Innovator versus generic APIs. The rising importance of generic drugs is reflected in the recent growth patterns in the merchant API market. The merchant market for generic APIs has grown much faster than the market for innovator APIs. Between 2004 and 2008, the merchant market for generic APIs increased at an average annual rate of 9.1% from $12 billion in 2004 to $17 billion in 2008, according to CPA. In contrast, the merchant market for branded/innovator APIs increased at an average annual rate of 4.4% from $16 billion in 2004 to $19 billion in 2008. Looking ahead, the global merchant market for APIs is projected to increase at an average annual rate of 6.8% through 2013, increasing from $36.0 billion in 2008 to $50 billion in 2013. Growth in innovator APIs is projected at only 1.8% during this period (from $19 billion in 2008 to $20.8 billion in 2013), compared with growth of 11.4% for generic APIs (from $17.0 billion in 2008 to $29.2 billion in 2013), according to CPA.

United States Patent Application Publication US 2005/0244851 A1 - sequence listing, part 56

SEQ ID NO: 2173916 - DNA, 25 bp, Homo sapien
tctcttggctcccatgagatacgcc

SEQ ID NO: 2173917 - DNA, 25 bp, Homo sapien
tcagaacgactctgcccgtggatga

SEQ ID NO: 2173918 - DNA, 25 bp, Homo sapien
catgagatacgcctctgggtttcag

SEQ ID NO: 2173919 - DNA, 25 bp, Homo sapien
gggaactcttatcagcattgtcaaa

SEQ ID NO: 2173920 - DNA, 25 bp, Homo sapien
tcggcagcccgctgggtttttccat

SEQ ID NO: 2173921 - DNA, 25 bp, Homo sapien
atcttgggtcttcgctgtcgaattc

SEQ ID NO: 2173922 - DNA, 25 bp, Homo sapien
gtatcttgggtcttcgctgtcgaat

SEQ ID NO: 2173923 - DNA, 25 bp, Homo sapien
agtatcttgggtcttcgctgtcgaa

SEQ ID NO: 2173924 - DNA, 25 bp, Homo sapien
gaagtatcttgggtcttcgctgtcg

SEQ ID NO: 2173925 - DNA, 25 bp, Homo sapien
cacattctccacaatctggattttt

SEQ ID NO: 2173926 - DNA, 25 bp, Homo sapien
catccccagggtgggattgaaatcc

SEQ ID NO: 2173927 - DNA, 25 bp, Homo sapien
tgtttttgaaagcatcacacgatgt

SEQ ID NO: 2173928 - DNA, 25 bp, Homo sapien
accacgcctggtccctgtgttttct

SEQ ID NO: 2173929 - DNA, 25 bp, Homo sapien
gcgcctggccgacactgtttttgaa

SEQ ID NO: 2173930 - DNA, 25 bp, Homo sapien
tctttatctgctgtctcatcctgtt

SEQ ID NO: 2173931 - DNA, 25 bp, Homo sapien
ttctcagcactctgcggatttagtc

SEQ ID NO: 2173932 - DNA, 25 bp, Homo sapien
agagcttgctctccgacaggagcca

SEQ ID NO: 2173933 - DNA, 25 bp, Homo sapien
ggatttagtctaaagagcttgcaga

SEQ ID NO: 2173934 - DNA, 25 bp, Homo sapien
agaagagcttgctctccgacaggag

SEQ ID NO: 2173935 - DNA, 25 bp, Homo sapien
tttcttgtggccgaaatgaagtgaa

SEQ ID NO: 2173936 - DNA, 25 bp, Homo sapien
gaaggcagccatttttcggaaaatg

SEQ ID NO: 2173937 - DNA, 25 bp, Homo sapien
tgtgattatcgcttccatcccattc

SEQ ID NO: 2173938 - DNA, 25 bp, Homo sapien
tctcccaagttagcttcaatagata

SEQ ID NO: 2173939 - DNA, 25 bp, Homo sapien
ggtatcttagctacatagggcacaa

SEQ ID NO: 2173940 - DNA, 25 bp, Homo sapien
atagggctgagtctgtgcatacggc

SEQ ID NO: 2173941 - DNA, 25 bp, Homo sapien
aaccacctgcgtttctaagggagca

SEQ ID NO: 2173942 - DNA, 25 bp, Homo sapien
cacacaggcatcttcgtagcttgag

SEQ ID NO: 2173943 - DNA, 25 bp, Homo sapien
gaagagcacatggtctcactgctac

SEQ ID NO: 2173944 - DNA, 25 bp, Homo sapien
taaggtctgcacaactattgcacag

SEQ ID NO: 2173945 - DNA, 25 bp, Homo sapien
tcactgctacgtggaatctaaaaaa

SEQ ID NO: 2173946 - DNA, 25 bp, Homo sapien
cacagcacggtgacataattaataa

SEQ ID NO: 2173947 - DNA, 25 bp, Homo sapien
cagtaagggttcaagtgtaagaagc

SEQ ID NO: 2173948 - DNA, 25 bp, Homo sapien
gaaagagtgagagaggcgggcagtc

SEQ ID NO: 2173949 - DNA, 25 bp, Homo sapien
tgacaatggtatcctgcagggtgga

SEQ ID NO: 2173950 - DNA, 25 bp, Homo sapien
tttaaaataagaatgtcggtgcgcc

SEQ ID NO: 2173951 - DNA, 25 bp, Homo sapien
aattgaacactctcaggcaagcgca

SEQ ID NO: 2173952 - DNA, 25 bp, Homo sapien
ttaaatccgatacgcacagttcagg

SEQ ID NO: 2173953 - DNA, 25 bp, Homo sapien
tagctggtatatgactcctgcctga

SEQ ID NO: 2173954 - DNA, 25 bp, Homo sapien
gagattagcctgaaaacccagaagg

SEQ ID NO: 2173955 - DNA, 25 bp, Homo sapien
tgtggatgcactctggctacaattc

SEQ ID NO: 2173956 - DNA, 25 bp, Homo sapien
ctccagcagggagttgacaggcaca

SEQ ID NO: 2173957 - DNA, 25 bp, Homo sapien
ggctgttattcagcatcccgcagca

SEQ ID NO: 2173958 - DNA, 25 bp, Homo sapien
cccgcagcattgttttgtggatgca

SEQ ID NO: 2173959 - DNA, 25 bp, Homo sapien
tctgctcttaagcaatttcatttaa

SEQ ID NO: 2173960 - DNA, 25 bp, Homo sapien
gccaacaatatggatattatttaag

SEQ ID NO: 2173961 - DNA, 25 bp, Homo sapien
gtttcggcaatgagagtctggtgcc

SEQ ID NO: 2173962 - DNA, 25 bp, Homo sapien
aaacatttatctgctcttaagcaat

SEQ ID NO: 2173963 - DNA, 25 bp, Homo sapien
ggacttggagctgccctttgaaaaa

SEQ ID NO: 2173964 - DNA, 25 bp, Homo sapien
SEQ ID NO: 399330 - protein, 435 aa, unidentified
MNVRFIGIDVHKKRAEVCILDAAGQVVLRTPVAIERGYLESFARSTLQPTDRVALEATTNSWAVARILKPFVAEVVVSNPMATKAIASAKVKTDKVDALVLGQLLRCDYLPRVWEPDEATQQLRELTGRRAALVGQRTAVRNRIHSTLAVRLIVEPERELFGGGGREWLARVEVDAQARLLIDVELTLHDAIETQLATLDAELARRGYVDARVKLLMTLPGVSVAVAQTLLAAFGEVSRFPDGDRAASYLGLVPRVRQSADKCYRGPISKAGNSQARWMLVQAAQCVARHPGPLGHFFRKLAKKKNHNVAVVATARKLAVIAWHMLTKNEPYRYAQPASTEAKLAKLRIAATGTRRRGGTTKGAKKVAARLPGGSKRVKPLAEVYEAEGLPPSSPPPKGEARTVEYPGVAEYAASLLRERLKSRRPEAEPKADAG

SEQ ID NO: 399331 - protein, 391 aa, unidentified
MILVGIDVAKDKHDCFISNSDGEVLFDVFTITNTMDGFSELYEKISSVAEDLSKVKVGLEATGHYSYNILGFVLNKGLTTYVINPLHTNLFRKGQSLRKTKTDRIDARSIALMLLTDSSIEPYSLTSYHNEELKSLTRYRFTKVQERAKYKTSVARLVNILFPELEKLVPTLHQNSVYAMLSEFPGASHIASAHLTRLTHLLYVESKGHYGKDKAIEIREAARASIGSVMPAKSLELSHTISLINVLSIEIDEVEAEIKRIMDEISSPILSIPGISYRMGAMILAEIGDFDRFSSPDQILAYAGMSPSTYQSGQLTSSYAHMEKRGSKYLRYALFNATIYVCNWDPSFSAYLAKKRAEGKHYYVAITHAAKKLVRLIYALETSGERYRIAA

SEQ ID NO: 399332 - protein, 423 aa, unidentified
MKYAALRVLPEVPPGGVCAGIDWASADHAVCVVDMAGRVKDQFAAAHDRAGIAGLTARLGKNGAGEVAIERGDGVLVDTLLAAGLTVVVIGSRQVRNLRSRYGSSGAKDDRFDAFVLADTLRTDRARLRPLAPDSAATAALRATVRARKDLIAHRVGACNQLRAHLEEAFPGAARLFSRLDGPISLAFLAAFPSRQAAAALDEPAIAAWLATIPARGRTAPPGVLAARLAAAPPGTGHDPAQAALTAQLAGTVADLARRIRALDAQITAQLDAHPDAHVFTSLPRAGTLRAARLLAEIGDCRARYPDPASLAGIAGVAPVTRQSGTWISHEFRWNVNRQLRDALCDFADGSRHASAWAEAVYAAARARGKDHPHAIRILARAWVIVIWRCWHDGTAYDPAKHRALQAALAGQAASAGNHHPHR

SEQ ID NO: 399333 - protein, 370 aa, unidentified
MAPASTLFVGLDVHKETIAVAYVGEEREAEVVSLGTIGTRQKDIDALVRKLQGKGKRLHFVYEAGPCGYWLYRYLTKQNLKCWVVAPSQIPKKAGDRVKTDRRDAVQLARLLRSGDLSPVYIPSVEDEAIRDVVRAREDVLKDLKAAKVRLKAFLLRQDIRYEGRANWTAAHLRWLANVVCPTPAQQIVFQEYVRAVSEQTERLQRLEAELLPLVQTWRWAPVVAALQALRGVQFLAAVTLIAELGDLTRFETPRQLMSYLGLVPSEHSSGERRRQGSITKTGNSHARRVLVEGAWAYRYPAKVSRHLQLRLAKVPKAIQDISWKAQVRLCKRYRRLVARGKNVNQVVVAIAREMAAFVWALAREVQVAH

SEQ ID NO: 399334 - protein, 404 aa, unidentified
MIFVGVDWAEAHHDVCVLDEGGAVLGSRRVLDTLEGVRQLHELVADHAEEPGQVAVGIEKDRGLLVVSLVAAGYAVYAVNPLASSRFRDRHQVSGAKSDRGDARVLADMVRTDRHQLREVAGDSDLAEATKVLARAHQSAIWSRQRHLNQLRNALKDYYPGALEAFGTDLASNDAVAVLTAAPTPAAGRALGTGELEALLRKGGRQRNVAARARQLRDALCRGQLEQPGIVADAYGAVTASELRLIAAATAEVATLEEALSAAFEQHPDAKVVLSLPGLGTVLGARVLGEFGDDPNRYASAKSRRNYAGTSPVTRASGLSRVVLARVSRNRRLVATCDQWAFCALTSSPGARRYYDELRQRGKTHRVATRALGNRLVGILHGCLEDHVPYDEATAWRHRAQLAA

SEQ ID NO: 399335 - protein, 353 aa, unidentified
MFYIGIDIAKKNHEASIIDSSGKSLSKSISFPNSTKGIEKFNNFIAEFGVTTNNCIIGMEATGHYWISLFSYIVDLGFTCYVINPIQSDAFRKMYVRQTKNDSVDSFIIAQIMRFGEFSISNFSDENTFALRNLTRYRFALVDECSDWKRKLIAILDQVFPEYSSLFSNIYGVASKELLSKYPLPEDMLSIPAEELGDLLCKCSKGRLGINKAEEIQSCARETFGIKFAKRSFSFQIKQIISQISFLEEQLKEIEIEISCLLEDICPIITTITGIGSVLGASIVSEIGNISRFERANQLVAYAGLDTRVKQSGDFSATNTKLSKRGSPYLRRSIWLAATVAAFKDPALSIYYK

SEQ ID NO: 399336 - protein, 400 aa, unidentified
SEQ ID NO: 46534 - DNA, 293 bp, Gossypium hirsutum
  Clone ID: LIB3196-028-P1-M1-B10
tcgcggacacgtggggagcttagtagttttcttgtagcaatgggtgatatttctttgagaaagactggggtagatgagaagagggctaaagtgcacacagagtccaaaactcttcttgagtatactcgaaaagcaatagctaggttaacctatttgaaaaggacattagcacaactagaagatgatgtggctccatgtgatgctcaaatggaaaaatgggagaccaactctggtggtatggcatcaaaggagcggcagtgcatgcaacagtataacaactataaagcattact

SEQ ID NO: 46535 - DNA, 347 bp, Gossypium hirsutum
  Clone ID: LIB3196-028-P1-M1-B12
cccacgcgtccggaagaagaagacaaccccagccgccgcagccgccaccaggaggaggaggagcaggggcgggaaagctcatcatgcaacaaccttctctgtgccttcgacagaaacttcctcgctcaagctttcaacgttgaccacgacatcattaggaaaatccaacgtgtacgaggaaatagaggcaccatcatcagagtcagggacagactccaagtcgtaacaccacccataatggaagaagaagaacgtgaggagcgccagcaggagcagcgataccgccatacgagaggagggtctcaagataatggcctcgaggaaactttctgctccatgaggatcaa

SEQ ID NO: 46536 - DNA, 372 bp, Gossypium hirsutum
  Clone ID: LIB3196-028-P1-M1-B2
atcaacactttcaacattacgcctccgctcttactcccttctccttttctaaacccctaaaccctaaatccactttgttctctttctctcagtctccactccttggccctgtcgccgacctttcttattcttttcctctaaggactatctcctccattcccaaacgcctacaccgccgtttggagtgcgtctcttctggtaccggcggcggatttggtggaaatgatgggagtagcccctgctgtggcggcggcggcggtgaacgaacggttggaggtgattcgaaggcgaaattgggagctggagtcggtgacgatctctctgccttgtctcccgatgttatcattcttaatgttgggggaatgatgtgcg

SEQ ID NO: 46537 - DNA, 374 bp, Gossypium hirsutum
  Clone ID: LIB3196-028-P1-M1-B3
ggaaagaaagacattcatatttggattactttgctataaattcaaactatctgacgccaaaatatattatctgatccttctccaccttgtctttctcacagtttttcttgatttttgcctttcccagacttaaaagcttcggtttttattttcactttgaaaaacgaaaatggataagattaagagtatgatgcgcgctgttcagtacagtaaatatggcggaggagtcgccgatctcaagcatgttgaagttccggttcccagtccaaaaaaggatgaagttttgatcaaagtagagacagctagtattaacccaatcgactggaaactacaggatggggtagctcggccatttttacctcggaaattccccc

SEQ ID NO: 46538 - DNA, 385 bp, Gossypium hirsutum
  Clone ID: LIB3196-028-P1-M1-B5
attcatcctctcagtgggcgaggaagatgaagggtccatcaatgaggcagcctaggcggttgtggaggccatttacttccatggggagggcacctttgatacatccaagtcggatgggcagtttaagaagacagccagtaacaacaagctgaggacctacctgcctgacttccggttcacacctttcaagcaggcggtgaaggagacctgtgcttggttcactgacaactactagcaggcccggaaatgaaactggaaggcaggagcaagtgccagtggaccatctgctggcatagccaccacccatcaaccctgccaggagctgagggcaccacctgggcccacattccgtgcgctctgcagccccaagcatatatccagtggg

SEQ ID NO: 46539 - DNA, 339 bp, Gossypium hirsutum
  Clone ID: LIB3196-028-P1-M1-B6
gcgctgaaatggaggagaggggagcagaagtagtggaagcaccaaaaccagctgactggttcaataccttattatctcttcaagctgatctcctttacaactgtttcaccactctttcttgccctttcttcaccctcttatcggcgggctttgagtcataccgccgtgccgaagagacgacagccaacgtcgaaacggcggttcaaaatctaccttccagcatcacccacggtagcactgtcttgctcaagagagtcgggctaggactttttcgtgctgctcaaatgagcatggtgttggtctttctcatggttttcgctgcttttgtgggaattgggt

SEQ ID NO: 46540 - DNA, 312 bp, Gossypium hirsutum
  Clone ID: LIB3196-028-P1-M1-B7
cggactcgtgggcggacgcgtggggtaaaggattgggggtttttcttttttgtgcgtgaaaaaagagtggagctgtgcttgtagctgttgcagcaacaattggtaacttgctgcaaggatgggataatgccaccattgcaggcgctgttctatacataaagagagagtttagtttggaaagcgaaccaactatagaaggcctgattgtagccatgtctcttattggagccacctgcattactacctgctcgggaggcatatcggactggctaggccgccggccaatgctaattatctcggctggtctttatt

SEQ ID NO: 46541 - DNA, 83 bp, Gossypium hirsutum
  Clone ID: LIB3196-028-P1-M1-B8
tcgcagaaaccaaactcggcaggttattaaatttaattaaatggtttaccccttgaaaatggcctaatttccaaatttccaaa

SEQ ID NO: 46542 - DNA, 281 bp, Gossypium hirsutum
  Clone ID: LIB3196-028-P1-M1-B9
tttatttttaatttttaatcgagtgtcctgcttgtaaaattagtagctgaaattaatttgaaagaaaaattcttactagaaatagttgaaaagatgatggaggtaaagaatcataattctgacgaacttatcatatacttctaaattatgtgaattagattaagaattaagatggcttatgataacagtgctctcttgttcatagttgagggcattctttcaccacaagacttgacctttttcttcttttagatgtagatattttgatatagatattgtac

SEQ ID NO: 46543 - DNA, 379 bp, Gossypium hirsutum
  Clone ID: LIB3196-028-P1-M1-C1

North America accounted for the largest share of the merchant API market (both innovator and generic) in 2008 with a 44.7% share and the US alone accounted for 41.9%. The US is also the largest consumer of generic APIs, representing 22.9% of global generic API demand in 2008, according to CPA. In contrast, China only represented only 9.8% of combined global merchant demand (innovator and generic) in 2008, but was the second largest consumer of generic APIs behind the US with a 19.2% share, according to CPA. Although the US is projected to remain the largest consumer of APIs (both innovator and generic) with a projected 36.6% share in 2013, China will become the largest consumer of generic APIs with a projected 26% share of the global merchant market for generic APIs followed by the US with a 20.5% share, according to CPA.
On the horizon...